Featuring a medley of rustic, industrial and classic, you can easily see the different elements put together in this kitchen/ It features an industrial style dining area, paired with a classic kitchen and a kitchen island with weathered wood on the front to add a rustic flavor to the space.
With its rich wood stained kitchen island this design really stands out under its recessed lighting and beige granite countertops. The rustic style really stands out with features like its open wood beams and decorative oven hood with travertine backsplash.
This beautiful kitchen design features several types of wood finishes giving it a rich rustic ambiance. The kitchen island features a dark distressed wood finish with butcher block countertops. The main rustic cabinets with solid wood have a stained finish that contrast against the dark wood colors of the island and custom oven hood.
This beautiful open concept kitchen design features a rustic industrial style island with concrete countertops and wood base. A wood accent ceiling provides additional drama and character to the space.
Rustic kitchen island ideas such as this with concrete countertops and the rough wood finish of the kitchen island help to give it a rustic feel. Hardwood flooring, brick backsplash and brushed cabinet hardware also help reinforce the theme.
Using wood laminates or wood vinyls to clad the front of your kitchen island is a budget-friendly alternative that can easily your kitchen island into a more rustic style. In this example, wood finish vinyl planks were used, giving it a clean and seamless look that blends with the modern design of the kitchen.
If you don’t want your kitchen island to stand out too much, but just want to add a little bit of texture and pattern to your space, consider getting wood planks/finishes that is close to the color of your current kitchen cabinets, like the bleached wood used in this example.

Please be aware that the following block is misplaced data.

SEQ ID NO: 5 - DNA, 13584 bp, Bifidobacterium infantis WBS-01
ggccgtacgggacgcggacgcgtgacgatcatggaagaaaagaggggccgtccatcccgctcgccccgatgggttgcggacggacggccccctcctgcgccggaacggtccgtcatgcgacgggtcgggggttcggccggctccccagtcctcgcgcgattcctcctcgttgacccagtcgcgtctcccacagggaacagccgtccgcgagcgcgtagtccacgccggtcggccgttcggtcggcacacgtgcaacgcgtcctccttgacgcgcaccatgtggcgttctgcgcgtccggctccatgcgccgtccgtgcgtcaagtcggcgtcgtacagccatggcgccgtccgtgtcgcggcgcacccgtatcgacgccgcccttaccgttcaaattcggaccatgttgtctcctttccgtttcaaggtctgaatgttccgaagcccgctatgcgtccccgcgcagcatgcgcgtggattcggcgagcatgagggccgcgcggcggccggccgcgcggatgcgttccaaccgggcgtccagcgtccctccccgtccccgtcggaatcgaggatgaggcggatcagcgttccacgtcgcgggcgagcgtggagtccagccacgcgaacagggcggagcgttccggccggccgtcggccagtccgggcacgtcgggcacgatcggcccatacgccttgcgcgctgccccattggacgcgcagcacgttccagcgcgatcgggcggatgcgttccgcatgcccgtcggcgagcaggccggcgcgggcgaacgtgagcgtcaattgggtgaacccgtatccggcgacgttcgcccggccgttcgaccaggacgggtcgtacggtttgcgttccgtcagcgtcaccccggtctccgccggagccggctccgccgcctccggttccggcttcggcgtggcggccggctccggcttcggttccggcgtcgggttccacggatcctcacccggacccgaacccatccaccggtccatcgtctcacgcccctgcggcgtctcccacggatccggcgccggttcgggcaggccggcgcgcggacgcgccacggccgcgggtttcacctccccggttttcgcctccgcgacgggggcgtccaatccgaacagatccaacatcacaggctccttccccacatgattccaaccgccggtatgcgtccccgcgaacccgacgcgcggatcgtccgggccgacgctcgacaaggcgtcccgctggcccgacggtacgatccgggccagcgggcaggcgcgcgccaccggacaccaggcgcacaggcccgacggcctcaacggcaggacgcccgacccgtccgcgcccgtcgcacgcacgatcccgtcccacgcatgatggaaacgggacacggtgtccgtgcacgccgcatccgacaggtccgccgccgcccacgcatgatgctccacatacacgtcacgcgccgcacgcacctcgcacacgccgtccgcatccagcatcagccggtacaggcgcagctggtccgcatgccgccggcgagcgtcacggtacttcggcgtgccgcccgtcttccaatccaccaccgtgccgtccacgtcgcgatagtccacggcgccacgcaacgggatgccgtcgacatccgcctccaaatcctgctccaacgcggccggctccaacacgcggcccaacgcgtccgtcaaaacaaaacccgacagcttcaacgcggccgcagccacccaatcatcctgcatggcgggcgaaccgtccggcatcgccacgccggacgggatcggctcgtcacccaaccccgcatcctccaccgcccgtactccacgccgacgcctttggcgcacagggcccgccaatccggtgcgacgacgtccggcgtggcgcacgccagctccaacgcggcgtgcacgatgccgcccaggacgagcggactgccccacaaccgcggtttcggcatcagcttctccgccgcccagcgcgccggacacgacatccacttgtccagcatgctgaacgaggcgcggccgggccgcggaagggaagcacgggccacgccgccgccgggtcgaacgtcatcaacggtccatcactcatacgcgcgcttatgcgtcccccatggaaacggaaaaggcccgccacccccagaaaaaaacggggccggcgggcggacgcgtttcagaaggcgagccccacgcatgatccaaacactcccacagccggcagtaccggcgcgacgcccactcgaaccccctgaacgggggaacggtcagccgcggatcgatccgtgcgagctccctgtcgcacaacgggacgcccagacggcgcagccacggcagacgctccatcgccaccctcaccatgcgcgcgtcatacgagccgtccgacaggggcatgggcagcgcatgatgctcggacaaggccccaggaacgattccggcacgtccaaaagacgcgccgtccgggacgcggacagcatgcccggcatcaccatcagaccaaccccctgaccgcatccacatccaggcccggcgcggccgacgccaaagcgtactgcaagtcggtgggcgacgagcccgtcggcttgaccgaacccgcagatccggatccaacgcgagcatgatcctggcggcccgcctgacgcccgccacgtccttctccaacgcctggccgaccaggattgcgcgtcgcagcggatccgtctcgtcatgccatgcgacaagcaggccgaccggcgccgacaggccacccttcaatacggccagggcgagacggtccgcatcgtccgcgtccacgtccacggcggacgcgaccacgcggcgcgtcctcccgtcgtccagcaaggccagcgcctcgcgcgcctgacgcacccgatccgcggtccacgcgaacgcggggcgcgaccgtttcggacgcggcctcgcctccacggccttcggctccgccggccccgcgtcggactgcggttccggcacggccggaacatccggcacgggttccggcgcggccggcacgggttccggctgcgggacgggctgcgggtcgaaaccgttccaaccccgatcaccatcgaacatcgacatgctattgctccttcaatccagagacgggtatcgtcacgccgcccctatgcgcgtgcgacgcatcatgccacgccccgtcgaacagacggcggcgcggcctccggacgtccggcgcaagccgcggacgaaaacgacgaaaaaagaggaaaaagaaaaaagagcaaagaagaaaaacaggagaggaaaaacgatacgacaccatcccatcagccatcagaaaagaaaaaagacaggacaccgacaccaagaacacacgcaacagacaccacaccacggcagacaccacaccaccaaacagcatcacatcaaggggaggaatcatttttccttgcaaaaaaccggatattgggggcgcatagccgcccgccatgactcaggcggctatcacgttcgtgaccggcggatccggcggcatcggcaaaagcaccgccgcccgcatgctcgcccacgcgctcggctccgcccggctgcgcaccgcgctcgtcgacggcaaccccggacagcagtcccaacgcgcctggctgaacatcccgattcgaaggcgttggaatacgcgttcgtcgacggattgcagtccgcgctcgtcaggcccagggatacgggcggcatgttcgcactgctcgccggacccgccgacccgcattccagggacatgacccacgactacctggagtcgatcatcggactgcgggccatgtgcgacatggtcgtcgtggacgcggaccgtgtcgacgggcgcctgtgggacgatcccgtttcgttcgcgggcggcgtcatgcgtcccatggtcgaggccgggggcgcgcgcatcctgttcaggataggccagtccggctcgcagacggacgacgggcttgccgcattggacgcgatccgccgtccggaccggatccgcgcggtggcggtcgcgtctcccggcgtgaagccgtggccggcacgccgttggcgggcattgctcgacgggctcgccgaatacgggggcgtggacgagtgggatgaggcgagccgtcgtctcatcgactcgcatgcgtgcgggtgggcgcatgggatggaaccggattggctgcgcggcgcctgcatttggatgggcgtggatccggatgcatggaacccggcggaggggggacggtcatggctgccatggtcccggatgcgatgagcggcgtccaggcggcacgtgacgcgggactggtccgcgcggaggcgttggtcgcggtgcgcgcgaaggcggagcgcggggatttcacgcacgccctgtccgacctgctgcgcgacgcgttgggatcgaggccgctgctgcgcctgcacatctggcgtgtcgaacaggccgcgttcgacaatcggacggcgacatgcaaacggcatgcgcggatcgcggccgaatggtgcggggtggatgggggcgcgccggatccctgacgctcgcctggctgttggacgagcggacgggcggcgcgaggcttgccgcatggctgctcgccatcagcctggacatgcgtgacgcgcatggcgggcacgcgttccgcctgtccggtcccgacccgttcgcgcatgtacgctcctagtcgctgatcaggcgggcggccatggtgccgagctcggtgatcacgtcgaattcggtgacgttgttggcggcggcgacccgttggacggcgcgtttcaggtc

This small kitchen combines dark-gray cabinets with gray-washed finish for the kitchen island, adding a softer color into the space. The small kitchen island has space for counter stools, and also has a built-in sink, making up for the lack of counter space.
For this classic kitchen, no additional refinishing was necessary, as the turquoise paint on the kitchen island naturally aged and faded to a beautiful antiqued finish. The bright color was toned down by age, and complements the white kitchen cabinets nicely.
This is another example of using bricks to give your kitchen island a rustic make-over. Because the front of the kitchen island is a low built-up wall, you already have a sturdy frame in which to attach your faux brick pieces. The dark terracotta color of the stone and the rough texture adds just enough grit and warmth to transform the kitchen island’s look.
There are some kitchens with enough space for two kitchen islands. This classic kitchen is mostly white, but uses stained wood for the kitchen island bases, adding a variety in texture to the space, and giving the modern kitchen a more rustic feel.
This modern kitchen features a knotty wood island with gray laminate countertops and white cabinets. The knotty wood definitely gives the space a rustic design flair.
Rustic Wood Kitchen Island
If replacing your whole kitchen island is not an option, you can also replace your countertop material with thick solid wood to give it that rustic kitchen look. The wood and gray combination results in a laid-back industrial look.
This kitchen island was painted green and given a distressed wood finish and topped with a butcher block countertop. Solid wood cabinets, granite countertops and saltillo tile help reinforce its rustic style.
Rustic kitchen island ideas that use butcher block countertops can be matched with other elements like flooring to provide a cohesive look. The dark base of the island and main cabinetry provides contrast against the backdrop of the lighter tile backsplash, flooring and counters.
Another finishing technique you can apply to your wooden kitchen islands is distressed technique, in which you use brush-on wood stain to give it a faux aged look. You can also add a matte top coat, or in this example, a satin topcoat to give it your preferred finish.
Butcher block countertops and stone cladding give this kitchen island design its distinctly rustic style.
DIY Rustic Kitchen Island
Freestanding kitchen islands have gained popularity recently. If you have enough space, it’s easy to simply purchase one. If you have unused solid wood lying around, especially wood that shows signs of wear (but make sure it has no termites or permanent damage!), you can also DIY a rustic kitchen island. This wood used in this kitchen island is really thick. The un-sanded & unfinished wood gives this table more personality and it definitely matches well with the classic style kitchen!